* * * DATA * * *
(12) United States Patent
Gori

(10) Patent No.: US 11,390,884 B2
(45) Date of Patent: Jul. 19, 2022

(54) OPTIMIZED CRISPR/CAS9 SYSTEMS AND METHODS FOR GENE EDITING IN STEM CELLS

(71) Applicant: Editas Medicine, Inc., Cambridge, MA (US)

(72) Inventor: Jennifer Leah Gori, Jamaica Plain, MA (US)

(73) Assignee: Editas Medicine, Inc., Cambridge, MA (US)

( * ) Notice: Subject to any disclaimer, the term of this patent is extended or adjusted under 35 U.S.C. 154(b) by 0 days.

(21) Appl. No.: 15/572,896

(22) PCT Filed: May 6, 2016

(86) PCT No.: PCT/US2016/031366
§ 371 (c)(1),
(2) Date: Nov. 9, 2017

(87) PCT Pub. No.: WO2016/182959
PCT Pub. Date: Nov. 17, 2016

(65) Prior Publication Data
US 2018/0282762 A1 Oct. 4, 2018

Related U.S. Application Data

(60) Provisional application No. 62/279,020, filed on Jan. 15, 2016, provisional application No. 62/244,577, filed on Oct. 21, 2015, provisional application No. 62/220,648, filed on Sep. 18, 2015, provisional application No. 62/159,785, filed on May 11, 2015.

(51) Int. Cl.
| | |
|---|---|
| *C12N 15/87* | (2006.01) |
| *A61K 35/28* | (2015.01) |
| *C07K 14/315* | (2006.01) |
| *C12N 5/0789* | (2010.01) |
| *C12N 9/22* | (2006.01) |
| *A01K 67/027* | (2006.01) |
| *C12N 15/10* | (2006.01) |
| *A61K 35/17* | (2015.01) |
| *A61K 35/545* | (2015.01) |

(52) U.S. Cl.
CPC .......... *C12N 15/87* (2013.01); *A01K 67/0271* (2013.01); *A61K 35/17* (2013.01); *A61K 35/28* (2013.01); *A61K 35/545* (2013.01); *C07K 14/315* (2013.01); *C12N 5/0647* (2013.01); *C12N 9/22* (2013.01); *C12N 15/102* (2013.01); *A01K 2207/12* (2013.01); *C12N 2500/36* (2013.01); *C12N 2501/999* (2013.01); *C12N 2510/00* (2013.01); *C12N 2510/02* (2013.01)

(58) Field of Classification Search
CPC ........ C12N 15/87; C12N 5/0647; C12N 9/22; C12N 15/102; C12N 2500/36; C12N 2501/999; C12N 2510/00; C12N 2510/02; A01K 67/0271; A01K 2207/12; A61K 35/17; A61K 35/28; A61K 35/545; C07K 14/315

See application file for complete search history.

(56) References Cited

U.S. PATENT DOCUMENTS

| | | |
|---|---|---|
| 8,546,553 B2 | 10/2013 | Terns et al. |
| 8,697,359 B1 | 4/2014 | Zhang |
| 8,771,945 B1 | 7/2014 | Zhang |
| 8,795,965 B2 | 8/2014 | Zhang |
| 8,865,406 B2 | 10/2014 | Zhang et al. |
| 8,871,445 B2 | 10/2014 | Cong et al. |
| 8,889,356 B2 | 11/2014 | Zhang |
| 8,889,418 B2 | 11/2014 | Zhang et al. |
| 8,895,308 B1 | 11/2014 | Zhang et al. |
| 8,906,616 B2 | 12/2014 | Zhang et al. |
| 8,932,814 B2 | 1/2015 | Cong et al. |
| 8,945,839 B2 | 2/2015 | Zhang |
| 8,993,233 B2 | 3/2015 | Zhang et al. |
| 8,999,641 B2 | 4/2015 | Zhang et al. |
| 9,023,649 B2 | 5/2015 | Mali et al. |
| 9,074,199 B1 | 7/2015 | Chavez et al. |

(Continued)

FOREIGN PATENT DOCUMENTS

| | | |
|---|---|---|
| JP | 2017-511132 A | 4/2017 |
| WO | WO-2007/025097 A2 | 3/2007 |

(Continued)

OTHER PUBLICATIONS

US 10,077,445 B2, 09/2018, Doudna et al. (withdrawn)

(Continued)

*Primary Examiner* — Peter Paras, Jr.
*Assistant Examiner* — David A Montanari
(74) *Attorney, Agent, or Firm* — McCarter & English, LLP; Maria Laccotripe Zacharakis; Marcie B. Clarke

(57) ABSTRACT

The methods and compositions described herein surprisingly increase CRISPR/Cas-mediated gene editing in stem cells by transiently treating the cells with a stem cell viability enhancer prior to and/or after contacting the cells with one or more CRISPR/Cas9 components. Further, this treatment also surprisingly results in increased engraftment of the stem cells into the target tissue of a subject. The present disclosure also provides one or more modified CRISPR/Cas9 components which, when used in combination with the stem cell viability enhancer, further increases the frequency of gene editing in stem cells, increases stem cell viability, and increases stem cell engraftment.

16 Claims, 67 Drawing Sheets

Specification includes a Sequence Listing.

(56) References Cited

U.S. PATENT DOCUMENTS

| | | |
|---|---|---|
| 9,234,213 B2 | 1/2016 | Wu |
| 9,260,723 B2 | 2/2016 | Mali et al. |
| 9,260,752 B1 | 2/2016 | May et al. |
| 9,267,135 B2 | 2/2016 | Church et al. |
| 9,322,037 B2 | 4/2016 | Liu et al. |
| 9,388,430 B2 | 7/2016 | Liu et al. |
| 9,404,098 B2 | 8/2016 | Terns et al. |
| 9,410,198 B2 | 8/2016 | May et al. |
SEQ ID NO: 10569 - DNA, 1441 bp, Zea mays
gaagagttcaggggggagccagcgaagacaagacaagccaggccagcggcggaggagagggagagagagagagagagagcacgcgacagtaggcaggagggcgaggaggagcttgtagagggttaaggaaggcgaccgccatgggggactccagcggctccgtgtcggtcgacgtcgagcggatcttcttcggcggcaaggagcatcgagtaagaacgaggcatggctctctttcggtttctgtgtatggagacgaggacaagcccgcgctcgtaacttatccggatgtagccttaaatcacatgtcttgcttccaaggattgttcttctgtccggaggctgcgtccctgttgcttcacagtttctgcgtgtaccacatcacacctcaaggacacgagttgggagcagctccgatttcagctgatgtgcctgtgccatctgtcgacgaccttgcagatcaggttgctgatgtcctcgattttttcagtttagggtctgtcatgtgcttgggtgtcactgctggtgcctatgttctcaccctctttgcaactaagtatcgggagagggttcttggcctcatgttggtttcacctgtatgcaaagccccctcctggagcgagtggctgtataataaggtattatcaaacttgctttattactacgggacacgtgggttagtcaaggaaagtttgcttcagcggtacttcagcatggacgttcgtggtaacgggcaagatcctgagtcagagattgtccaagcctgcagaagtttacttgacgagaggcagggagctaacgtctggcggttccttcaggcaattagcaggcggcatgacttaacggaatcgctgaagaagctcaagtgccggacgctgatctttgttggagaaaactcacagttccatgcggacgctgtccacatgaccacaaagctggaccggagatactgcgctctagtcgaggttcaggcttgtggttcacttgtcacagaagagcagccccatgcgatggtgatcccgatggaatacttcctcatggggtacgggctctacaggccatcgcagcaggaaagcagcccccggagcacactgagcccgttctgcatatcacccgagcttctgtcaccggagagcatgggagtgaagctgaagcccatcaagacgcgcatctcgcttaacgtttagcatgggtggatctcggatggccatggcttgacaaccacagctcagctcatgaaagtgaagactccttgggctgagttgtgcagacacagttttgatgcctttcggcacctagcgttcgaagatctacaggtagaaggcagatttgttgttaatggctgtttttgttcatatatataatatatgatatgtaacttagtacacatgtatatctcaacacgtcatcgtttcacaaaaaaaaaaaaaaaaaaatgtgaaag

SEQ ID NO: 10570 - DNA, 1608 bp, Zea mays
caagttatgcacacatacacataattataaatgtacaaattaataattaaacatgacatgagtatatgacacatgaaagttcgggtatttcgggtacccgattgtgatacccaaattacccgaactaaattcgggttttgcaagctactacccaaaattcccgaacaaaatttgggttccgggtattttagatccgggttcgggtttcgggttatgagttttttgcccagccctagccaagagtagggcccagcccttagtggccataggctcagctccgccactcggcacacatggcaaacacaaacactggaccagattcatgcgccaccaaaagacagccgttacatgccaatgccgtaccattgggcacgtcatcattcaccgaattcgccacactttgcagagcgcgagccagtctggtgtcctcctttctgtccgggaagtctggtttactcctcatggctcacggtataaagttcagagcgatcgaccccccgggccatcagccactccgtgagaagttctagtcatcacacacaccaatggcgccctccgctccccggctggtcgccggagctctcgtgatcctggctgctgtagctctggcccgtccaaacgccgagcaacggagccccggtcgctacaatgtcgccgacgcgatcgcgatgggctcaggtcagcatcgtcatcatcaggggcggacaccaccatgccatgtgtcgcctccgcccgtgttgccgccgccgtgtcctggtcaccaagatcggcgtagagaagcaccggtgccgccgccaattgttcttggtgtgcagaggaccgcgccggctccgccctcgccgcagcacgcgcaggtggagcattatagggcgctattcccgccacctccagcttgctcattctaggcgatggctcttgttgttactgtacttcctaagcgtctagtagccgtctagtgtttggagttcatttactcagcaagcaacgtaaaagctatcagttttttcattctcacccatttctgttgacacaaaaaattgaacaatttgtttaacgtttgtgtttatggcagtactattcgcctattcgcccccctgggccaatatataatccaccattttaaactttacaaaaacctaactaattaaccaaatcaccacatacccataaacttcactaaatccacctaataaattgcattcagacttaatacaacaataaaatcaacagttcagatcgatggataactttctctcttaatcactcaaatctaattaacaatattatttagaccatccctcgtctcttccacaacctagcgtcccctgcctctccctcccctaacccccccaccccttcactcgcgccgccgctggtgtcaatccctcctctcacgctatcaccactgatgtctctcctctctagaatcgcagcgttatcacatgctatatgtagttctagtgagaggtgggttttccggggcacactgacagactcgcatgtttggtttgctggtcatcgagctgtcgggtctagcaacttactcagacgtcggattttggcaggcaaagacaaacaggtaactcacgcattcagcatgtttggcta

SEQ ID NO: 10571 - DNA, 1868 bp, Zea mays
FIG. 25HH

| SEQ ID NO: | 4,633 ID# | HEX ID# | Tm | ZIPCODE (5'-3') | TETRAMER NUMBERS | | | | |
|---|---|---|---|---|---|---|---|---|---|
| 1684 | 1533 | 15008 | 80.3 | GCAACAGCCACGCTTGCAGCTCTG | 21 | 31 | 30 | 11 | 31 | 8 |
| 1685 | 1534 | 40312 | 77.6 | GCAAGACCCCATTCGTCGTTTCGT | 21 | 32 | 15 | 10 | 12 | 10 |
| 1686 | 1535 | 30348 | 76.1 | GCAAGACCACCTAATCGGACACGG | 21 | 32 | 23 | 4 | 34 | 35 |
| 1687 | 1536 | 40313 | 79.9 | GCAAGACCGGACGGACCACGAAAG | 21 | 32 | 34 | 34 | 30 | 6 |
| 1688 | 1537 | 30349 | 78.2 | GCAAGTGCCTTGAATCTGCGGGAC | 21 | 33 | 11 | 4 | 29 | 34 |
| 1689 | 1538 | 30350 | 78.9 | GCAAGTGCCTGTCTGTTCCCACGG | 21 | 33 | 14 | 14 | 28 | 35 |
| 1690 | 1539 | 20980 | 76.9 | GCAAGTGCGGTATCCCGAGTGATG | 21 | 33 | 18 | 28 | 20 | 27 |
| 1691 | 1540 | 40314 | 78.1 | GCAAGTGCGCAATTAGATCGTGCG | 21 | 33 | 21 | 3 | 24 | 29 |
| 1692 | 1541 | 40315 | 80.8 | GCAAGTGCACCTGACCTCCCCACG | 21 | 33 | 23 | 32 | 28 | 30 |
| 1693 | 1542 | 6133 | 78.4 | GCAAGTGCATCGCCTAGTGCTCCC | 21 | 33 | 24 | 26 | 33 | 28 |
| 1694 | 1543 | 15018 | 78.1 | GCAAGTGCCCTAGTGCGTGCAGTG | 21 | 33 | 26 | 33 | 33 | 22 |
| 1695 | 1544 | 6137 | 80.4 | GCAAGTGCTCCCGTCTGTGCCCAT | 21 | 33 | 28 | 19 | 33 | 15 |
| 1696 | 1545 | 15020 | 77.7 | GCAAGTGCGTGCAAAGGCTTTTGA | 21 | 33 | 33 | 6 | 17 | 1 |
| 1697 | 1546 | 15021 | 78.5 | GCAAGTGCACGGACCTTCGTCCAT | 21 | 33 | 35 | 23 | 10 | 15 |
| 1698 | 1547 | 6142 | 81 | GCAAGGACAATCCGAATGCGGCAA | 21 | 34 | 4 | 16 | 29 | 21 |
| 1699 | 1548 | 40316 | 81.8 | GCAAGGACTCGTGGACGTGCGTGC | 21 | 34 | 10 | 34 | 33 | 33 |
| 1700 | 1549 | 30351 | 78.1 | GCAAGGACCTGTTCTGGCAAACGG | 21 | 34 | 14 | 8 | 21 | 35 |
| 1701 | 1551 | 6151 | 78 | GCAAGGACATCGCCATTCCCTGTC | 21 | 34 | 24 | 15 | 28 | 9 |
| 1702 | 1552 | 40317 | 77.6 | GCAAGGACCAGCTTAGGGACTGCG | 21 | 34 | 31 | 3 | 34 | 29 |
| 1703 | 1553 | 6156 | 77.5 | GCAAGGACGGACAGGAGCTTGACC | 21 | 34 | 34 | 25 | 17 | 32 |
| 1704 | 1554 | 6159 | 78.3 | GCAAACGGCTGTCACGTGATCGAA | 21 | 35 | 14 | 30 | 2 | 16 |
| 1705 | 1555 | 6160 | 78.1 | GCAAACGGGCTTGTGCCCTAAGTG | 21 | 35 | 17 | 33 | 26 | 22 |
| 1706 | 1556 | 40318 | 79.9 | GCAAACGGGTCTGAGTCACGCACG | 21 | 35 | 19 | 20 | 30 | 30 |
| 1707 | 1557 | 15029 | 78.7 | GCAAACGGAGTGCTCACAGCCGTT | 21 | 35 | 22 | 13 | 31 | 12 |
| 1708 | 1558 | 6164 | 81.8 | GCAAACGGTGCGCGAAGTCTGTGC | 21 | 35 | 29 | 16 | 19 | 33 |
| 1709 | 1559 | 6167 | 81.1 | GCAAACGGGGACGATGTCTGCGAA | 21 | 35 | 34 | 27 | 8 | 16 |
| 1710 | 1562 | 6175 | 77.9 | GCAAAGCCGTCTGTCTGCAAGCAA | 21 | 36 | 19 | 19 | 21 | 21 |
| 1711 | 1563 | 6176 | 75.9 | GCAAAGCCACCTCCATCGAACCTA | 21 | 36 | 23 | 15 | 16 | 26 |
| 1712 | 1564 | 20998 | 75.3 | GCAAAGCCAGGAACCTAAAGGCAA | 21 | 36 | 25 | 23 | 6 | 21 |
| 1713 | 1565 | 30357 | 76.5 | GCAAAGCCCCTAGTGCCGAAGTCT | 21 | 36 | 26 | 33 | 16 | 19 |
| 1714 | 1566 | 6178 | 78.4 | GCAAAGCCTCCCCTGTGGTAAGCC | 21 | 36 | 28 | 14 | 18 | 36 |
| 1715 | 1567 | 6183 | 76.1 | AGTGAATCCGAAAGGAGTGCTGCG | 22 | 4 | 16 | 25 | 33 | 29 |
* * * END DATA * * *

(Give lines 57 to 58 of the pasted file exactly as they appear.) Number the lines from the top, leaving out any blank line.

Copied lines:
| 9,074,199 B1 | 7/2015 | Chavez et al. |

(Continued)